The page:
An unusual image of an "elve"
captured by M.J. Taylor and L.C. Gardner of the Space Dynamics
Lab., Utah State University, during the night of the Leonids storm at 02:10:00 UT.
Two meteors against the backdrop of the long lasting persistent train from the 3h13m10s UT fireball, as seen from ARIA in the constellation of Columbo
at 2:21:09 UT. Courtesy: Peter Jenniskens.
This airglow image
by M.J. Taylor and L.C. Gardner shows regular and chaotic structure in the upper atmospheric OH nightglow emission layer (altitude ~87 km).
Joe Kristl and Mike Taylor of Space Dynamics Lab.
present a sequence of images of a near infrared meteor
observed with the NRL InGaAs camera flown on the FISTA aircraft.
This images shows the spectrum of a bright afterglow by
Jiri Borovicka. Another afterglow spectrum was obtained by
Peter Jenniskens/Mike Wilson. The
meteor was imaged from ARIA and occured at 04:00:29 UT.
1999 Leonid storm as seen from Leonid MAC with 28 mm camera. Photo: Shinsuke Abe and Hajime Yano, ISAS.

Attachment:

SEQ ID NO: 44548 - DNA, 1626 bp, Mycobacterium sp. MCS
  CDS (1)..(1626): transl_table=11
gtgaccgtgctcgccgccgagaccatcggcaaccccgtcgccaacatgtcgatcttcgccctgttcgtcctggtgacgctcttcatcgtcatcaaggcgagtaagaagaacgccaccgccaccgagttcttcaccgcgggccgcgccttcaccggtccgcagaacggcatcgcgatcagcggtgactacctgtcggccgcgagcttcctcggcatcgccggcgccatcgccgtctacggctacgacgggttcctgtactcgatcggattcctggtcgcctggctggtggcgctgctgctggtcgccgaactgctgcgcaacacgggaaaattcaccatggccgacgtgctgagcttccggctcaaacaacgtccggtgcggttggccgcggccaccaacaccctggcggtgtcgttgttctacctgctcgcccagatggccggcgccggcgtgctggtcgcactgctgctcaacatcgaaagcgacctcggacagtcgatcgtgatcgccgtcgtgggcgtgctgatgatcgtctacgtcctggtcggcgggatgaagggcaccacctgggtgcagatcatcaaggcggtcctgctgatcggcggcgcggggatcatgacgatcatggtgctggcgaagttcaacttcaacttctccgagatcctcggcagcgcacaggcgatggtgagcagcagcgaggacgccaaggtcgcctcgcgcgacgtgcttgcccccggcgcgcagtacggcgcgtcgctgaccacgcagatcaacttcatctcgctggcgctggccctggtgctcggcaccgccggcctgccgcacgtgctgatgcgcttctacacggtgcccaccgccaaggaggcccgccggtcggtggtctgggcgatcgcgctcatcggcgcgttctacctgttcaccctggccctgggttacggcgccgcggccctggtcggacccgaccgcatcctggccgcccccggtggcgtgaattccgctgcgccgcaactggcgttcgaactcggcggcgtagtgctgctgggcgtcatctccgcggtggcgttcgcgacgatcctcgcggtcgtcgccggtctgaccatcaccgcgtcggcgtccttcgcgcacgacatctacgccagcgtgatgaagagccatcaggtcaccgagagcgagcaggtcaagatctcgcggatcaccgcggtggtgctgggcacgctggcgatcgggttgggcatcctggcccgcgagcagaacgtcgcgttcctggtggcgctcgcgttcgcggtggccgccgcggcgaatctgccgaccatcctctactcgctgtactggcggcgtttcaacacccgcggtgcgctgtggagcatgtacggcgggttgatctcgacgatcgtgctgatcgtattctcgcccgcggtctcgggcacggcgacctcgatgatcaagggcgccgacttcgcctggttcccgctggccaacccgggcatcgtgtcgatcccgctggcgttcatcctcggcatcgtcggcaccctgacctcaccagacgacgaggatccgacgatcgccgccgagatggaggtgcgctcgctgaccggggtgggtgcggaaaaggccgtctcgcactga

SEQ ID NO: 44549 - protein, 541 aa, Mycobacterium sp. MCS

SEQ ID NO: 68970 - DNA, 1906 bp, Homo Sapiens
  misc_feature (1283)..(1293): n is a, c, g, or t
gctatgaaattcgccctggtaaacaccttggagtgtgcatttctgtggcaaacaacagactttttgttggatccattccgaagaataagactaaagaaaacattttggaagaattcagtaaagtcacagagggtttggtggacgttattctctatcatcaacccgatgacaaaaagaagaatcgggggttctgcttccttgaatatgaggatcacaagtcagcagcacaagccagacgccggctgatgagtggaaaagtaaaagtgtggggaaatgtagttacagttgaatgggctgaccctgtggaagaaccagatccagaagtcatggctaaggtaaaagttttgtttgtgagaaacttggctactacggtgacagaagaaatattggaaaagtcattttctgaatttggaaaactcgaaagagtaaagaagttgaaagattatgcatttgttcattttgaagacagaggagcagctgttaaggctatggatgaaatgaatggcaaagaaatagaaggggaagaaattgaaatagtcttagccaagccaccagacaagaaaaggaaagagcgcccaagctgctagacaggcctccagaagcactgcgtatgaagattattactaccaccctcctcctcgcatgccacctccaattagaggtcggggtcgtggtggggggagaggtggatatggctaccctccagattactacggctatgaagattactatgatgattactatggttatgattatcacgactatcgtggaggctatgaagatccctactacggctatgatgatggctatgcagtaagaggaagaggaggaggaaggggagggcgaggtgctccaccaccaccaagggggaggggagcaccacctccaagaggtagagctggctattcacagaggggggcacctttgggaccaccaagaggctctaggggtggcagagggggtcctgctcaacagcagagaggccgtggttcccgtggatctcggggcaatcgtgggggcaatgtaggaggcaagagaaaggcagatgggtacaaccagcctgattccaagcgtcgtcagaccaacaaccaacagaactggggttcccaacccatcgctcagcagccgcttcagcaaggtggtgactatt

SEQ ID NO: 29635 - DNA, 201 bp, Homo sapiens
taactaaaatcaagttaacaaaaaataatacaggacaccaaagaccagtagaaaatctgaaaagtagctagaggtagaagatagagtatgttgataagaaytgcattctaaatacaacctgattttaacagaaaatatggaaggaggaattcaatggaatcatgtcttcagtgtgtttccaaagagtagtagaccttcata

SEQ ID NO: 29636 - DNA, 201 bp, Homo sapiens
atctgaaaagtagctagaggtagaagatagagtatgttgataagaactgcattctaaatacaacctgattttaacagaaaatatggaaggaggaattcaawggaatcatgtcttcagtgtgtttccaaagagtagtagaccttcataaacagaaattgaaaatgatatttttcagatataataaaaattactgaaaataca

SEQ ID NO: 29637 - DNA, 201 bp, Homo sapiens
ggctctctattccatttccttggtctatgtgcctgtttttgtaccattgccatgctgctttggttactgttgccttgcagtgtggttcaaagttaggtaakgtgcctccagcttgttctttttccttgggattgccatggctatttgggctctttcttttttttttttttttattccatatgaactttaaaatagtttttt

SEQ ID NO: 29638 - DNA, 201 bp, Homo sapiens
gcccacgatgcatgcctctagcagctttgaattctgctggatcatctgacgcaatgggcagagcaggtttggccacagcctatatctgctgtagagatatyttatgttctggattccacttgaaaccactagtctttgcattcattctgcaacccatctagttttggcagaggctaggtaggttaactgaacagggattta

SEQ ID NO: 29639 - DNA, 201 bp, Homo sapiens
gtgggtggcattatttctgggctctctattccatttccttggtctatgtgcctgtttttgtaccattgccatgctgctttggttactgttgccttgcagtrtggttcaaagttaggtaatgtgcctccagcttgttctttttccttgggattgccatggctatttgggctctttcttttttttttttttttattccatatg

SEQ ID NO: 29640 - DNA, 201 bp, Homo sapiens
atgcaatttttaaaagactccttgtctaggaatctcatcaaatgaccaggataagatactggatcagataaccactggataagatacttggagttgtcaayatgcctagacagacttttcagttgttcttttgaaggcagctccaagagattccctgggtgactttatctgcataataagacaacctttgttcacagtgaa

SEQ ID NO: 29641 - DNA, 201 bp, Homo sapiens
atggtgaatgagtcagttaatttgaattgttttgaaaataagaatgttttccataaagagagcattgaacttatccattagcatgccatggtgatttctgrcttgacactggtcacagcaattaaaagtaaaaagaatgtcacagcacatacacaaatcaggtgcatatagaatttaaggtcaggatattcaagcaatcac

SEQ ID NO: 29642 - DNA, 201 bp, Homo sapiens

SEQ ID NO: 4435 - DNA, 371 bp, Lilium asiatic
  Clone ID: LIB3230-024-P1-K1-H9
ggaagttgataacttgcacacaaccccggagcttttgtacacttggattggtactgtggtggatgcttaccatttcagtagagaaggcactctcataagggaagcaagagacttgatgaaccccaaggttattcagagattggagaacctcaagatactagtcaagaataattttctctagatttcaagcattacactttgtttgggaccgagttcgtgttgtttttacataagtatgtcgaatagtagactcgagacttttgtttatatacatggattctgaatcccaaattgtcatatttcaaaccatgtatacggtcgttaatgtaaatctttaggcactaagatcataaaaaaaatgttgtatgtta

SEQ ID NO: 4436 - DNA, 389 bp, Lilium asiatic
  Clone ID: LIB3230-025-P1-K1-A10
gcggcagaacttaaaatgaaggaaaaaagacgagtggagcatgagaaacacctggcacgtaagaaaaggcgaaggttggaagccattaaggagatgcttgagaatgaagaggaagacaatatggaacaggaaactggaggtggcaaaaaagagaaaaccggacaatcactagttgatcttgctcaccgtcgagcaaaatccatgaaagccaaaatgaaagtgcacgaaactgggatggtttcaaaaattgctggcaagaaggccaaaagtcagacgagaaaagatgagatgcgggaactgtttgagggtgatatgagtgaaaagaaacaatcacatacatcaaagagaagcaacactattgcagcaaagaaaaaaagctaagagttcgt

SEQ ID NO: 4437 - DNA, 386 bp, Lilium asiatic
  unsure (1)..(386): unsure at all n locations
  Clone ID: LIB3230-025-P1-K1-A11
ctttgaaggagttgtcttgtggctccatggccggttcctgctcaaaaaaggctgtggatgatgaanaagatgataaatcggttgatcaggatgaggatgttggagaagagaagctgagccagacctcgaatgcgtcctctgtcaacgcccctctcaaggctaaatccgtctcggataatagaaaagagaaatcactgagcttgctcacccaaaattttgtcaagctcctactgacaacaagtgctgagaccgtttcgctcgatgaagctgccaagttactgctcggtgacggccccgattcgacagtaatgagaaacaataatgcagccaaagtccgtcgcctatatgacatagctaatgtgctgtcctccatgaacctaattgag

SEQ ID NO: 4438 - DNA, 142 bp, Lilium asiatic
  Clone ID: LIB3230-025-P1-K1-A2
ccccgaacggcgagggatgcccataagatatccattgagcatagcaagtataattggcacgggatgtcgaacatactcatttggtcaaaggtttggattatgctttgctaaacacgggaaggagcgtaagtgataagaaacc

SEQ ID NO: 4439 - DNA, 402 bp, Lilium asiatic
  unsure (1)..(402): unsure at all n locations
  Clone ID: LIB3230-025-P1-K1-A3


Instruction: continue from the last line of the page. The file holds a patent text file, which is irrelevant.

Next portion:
Leonid storm live on internet, as seen from
ARIA. Image courtesy: Japanese Broadcasting Company (NHK)/Hajime Yano ISAS.
shows the live flux measurements reported at this website during
the 1999 Leonid meteor storm (courtesy: Glenn Deardorff)
This rate curve are 1-minute counts by
Dutch Meteor Society observer Koen Miskotte, who observed from one of two ground
campaigns in Spain.
as reported live by the LEOC at Marshall Space Flight Center,
which coordinated the reporting of flux to satellite operators (Image courtesy: LEOC,
NASA/Ames Astrobiology Academy student Matt Lacey, currently at Stanford University,
took this unusual spectrum of a
persistent train (raw data) of a not quite so
bright Leonid at 03:34:12 UT, some tens of seconds after the train formed.
1999 Leonid storm as seen from Leonid MAC with 50 mm camera. Photo: Shinsuke Abe and Hajime Yano, ISAS.